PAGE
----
...it's hard, in any case--movie, book, graphic novel, news, etc.--to find a good example to fit the word "Evil". It's not so much a thing you can describe. In fact, I believe it's almost impossible to. It's a gut feeling, something that revolts in you with such force, goes so completely against your own nature, that you just... know it when you see it.
To me, Evil does not fit into the realm of stupidity. It's not that. Nor is it aggression, or inane desire, or mindless and dumb intentions. It's not the cruelty of the stupid, or the brutality of the keen. It's not animosity, or hatred. It's not in fear, and it's not in rage. ...it's beyond descriptive terms, or curse words--I can't even describe it.
...but I've only ever experienced that sensation of Evil once before.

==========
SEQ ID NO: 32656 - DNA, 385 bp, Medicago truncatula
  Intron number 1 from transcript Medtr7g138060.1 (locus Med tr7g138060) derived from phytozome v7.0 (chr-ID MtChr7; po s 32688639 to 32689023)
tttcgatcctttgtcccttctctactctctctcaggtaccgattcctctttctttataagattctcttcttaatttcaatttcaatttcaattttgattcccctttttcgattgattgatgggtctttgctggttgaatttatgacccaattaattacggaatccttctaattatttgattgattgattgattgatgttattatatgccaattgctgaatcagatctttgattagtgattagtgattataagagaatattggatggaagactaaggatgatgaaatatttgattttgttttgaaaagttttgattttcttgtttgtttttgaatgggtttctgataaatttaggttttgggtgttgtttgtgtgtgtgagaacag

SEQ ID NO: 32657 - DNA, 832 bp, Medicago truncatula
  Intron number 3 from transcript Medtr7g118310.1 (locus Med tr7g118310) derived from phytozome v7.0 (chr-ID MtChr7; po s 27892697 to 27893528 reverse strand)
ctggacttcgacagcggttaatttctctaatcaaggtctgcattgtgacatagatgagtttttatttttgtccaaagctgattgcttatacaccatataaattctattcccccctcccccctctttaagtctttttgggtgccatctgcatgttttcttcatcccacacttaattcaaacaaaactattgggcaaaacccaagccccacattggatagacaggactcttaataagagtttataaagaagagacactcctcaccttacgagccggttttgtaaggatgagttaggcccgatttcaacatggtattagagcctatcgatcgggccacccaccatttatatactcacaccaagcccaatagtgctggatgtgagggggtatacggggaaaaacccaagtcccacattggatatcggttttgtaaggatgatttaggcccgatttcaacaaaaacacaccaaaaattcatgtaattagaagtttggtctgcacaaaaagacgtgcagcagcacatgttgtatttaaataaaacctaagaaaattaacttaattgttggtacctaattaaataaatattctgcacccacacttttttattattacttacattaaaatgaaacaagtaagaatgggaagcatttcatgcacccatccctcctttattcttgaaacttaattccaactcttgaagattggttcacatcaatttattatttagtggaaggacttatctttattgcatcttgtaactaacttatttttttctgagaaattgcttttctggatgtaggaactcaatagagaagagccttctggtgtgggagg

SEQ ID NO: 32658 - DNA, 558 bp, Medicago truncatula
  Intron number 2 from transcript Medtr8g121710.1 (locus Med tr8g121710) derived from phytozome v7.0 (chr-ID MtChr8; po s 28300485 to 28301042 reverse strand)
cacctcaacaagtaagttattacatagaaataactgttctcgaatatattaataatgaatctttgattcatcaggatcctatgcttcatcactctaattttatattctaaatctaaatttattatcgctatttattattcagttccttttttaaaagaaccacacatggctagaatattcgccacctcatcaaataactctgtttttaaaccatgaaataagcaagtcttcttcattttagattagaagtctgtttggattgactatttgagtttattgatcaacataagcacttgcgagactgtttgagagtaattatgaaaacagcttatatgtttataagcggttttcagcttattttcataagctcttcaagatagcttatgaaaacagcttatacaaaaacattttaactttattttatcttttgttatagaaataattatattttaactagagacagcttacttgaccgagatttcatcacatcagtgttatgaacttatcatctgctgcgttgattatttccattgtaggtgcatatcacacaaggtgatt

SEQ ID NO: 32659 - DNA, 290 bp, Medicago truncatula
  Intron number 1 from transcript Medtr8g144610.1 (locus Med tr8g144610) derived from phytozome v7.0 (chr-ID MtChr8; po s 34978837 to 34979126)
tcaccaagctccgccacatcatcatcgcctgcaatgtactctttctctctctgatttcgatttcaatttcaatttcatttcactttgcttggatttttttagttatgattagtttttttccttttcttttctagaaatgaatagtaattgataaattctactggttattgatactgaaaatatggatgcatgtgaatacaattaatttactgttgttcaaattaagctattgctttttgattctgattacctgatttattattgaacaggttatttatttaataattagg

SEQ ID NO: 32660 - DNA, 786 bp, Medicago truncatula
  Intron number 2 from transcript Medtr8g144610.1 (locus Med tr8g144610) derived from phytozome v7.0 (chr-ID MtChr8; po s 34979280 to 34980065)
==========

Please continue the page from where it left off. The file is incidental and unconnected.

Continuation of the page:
Reading that part, with Sibyl Vane... I felt it. It was there. It was in all of what Dorian said, what he did, what he believed.
...and it drove me into a silence that only a couple of things in this world or out of it could force upon me. ...it did that. And for that... I have to acknowledge the power of this book. ...not many can capture it. Dorian Gray did.
He became it.
Characters for this book get a rating of 5 out of 5 for me.
To sum things up, overall, this book was a kind of long trip, but it was a deep one. It tore into the roots of many things, and it got you really to think. Oscar Wilde is incredible for that, and it doesn't change depending on the format here.
So if you've never ever picked up the actual book behind the story of Dorian Gray, I suggest you get yourself this. Heck, I'd even say, "Don't bother with the library." Just buy it. I can't see you loving it, because there's just so much that's horrible in it. But you're going to respect it and want to own it. I just know it. Trust me on this. You must read this book. It's incredible.